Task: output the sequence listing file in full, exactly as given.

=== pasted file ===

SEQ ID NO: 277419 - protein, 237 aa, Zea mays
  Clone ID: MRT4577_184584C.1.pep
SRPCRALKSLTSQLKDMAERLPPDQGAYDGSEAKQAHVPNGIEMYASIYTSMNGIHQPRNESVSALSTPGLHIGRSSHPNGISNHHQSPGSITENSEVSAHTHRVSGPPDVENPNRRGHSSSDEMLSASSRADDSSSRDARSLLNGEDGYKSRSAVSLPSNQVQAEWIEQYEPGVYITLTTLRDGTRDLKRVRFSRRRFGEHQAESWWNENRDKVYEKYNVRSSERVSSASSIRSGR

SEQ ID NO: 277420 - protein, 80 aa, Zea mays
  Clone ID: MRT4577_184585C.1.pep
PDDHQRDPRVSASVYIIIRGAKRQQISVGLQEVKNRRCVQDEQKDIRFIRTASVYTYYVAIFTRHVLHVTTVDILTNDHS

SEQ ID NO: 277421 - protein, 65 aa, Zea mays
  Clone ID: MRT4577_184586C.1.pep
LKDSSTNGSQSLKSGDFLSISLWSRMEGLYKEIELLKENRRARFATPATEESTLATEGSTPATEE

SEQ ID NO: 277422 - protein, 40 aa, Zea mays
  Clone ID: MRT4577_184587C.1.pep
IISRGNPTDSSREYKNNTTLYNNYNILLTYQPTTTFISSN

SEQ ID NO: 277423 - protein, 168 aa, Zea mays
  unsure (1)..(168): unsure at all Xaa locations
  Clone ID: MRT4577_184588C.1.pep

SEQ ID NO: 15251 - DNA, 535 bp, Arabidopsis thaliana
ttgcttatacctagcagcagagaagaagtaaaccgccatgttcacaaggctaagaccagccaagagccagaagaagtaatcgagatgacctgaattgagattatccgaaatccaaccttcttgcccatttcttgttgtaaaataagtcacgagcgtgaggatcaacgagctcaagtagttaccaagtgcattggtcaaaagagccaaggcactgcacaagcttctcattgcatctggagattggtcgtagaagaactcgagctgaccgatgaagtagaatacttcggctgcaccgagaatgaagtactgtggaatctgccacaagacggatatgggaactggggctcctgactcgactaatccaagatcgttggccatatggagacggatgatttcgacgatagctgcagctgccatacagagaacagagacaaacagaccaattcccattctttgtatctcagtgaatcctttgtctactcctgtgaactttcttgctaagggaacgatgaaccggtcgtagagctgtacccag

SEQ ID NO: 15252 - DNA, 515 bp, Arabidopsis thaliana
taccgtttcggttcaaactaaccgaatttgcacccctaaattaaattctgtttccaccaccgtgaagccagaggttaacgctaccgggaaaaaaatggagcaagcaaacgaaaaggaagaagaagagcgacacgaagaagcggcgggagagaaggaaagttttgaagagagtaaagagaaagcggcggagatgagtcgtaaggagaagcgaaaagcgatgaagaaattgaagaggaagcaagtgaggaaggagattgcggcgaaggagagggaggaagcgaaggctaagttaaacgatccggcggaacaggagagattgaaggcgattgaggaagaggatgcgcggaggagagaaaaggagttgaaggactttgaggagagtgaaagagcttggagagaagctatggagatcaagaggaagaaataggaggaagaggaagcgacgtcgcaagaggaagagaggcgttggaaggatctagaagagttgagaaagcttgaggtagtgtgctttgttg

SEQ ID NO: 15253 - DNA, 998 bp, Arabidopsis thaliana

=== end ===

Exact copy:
SEQ ID NO: 277419 - protein, 237 aa, Zea mays
  Clone ID: MRT4577_184584C.1.pep
SRPCRALKSLTSQLKDMAERLPPDQGAYDGSEAKQAHVPNGIEMYASIYTSMNGIHQPRNESVSALSTPGLHIGRSSHPNGISNHHQSPGSITENSEVSAHTHRVSGPPDVENPNRRGHSSSDEMLSASSRADDSSSRDARSLLNGEDGYKSRSAVSLPSNQVQAEWIEQYEPGVYITLTTLRDGTRDLKRVRFSRRRFGEHQAESWWNENRDKVYEKYNVRSSERVSSASSIRSGR

SEQ ID NO: 277420 - protein, 80 aa, Zea mays
  Clone ID: MRT4577_184585C.1.pep
PDDHQRDPRVSASVYIIIRGAKRQQISVGLQEVKNRRCVQDEQKDIRFIRTASVYTYYVAIFTRHVLHVTTVDILTNDHS

SEQ ID NO: 277421 - protein, 65 aa, Zea mays
  Clone ID: MRT4577_184586C.1.pep
LKDSSTNGSQSLKSGDFLSISLWSRMEGLYKEIELLKENRRARFATPATEESTLATEGSTPATEE

SEQ ID NO: 277422 - protein, 40 aa, Zea mays
  Clone ID: MRT4577_184587C.1.pep
IISRGNPTDSSREYKNNTTLYNNYNILLTYQPTTTFISSN

SEQ ID NO: 277423 - protein, 168 aa, Zea mays
  unsure (1)..(168): unsure at all Xaa locations
  Clone ID: MRT4577_184588C.1.pep

SEQ ID NO: 15251 - DNA, 535 bp, Arabidopsis thaliana
ttgcttatacctagcagcagagaagaagtaaaccgccatgttcacaaggctaagaccagccaagagccagaagaagtaatcgagatgacctgaattgagattatccgaaatccaaccttcttgcccatttcttgttgtaaaataagtcacgagcgtgaggatcaacgagctcaagtagttaccaagtgcattggtcaaaagagccaaggcactgcacaagcttctcattgcatctggagattggtcgtagaagaactcgagctgaccgatgaagtagaatacttcggctgcaccgagaatgaagtactgtggaatctgccacaagacggatatgggaactggggctcctgactcgactaatccaagatcgttggccatatggagacggatgatttcgacgatagctgcagctgccatacagagaacagagacaaacagaccaattcccattctttgtatctcagtgaatcctttgtctactcctgtgaactttcttgctaagggaacgatgaaccggtcgtagagctgtacccag

SEQ ID NO: 15252 - DNA, 515 bp, Arabidopsis thaliana
taccgtttcggttcaaactaaccgaatttgcacccctaaattaaattctgtttccaccaccgtgaagccagaggttaacgctaccgggaaaaaaatggagcaagcaaacgaaaaggaagaagaagagcgacacgaagaagcggcgggagagaaggaaagttttgaagagagtaaagagaaagcggcggagatgagtcgtaaggagaagcgaaaagcgatgaagaaattgaagaggaagcaagtgaggaaggagattgcggcgaaggagagggaggaagcgaaggctaagttaaacgatccggcggaacaggagagattgaaggcgattgaggaagaggatgcgcggaggagagaaaaggagttgaaggactttgaggagagtgaaagagcttggagagaagctatggagatcaagaggaagaaataggaggaagaggaagcgacgtcgcaagaggaagagaggcgttggaaggatctagaagagttgagaaagcttgaggtagtgtgctttgttg

SEQ ID NO: 15253 - DNA, 998 bp, Arabidopsis thaliana